February 24, 2012 by jooshanoosh
|Image from here.|
I read an interesting article in Time Magazines Techland Blog. It turns out there was a man who complained to his local Target that his teenage daughter was receiving coupons in the mail about baby clothes and cribs. He couldn’t understand why they would be sending these mailings to a girl who was clearly not pregnant…except it turns out she was. And the kinda incredible thing is that Target knew she was pregnant before her parents knew.
Here is how they knew:
It was a fact Target had obtained after carefully collecting information about her. The company, like many others, assigns each shopper a unique Guest ID. Every time you buy toilet paper with a credit card, visit its website, fill out a survey or, really, interact with the retailer in any way, Target assigns this information to that ID.
In a nutshell, but tracking the way this girl had interacted with them, Target was able to predict (with great accuracy, apparently) that she was pregnant and started to send her the coupons and marketing designated for pregnant women. So is that creepy? Or amazing?
Privacy is kind of a big buzz word lately. Are we all silly to be giving away all of our information to these companies? Should we be worried that in a certain way advertisers may know more about us than our loved ones? Should we be terrified that every dumb photo and stupid comment that our kids make on Facebook during high school will be accessible in perpetuity by every hiring manager, college admissions board and future in-law? Or is it no biggie?
In a way, I am lucky that I grew up before the dawn of the digital age. I recall some pretty embarrassing photos of me taken in high school. And I don’t really want people to have instant access to my run as Oberon in my High School’s production of A Midsummer’s Night’s Dream. I know I thought I was the next Olivier, but I am pretty confident looking back on it that I sucked. As an adult, I am pretty lax with my own Internet privacy. I am mindful of who I friend on Facebook, and I don’t broadcast every detail of my life, but I enjoy putting information out there. I live a pretty boring life, so I don’t think I have too much to be afraid of, but I don’t carefully curate who gets to see what information. And truthfully, I think it is fun. I like posting what books I have read on Goodreads and letting my friends comment on them. I just returned from a family vacation where I was uploading pictures throughout the day and I would have a lot of fun each night coming home and reading comments that friends had written on them.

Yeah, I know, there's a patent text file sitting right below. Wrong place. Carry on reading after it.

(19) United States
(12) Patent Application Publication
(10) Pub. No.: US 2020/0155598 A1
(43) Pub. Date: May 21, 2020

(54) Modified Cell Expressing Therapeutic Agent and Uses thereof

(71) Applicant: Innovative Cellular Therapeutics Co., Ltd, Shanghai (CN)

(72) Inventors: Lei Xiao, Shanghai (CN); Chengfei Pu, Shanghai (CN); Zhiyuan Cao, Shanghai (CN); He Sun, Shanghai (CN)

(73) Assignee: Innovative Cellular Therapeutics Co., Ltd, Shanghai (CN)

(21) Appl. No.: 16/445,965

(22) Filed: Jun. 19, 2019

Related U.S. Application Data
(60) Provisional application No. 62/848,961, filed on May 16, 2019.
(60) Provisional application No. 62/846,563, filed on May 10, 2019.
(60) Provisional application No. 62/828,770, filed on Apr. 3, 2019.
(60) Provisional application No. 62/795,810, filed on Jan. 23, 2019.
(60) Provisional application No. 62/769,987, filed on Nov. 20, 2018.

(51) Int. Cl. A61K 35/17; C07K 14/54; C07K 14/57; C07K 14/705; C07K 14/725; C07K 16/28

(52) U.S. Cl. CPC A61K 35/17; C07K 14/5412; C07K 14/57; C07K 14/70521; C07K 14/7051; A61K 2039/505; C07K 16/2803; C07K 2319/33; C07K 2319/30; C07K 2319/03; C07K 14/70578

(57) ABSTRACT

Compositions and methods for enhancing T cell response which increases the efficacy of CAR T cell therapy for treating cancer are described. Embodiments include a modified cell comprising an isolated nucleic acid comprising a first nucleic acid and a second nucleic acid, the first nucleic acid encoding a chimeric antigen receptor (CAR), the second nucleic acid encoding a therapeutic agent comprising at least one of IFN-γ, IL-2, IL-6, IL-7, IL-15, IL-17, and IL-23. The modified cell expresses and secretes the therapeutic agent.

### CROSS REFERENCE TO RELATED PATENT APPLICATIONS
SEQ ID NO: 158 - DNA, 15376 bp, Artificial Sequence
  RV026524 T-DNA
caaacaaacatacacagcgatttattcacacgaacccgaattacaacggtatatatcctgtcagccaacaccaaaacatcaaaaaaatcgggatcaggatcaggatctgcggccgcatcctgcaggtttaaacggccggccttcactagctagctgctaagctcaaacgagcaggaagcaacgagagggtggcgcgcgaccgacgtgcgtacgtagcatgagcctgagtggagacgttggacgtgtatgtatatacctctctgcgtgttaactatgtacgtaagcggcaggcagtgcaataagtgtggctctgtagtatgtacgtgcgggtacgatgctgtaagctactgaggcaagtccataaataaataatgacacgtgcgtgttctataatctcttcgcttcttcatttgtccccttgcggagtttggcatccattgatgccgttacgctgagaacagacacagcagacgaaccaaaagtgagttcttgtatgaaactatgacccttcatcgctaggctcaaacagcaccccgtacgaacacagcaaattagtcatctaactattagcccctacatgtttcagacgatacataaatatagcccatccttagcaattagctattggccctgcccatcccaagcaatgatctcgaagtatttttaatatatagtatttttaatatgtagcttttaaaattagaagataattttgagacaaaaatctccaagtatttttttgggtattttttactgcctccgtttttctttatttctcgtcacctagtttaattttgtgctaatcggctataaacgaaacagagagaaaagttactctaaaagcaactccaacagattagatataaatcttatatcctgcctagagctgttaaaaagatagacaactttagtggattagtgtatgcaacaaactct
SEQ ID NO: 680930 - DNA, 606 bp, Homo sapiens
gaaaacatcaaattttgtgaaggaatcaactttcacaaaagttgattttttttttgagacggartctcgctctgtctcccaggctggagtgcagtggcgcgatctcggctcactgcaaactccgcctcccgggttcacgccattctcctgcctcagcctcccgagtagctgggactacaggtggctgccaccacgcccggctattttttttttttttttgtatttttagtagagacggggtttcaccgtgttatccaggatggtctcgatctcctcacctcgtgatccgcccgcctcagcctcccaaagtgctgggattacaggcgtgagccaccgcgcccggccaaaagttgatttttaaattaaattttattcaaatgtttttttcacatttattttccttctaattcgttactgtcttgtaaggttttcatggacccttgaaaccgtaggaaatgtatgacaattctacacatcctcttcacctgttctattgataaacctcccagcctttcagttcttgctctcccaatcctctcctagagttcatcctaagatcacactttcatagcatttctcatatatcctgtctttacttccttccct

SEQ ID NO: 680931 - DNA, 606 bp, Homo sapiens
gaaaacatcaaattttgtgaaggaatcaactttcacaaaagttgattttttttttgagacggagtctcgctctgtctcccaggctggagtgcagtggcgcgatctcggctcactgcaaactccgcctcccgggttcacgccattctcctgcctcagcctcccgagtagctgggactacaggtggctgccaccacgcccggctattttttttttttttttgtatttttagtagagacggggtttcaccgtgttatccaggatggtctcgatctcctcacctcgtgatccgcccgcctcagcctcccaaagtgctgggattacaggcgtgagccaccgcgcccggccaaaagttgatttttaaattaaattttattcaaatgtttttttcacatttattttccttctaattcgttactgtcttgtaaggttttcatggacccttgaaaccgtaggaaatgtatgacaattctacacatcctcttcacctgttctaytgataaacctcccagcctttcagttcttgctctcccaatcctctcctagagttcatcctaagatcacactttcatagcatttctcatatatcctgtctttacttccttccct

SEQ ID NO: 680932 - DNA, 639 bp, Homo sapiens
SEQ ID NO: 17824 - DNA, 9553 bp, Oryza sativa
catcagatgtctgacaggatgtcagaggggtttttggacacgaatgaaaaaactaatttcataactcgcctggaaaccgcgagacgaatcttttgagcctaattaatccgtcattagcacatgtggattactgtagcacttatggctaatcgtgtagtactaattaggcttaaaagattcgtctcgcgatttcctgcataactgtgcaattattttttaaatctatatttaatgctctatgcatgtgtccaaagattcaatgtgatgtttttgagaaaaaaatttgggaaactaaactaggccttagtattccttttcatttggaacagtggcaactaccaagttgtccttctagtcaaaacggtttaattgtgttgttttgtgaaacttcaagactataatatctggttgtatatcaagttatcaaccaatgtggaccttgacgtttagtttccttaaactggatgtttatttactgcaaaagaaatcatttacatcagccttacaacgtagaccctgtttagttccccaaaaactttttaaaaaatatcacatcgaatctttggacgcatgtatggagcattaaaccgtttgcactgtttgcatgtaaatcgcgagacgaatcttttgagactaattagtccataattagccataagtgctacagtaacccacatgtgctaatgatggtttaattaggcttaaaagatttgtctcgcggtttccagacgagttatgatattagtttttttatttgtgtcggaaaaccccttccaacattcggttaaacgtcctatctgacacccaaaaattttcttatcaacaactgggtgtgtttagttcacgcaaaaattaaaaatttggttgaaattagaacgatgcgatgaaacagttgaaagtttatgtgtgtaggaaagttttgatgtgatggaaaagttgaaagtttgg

But maybe that is naive. Maybe there is a potential for harm to come from all of the information we post online. Cultural paranoia tells us that we need to safeguard our information because we could be endangering ourselves, as illustrated in the creepy Facebook lollipop video. (Be warned: it is pretty messed up. Don’t watch if you are easily frightened.) But truthfully, I am less worried that my Facebook updates will lead to some crazy person coming to kill me and more worried that when my neighbors dog goes missing I will be the prime suspect because of my well publicized hatred of the canine.
So where do you stand in the world of online privacy? Do you think we are living in a new age where eventually everyone will have an Internet history of embarrassing photos and stupid comments so we just won’t care anymore? Or do you think we need to be mindful custodians of what we choose to share and who we choose to share it with? Or do you just publish everything on MySpace so you are sure that it is safe from prying eyes?
At least now we know that if your teenage daughter starts receiving coupons in the mail for diapers, you may need to set aside some quality time to chat.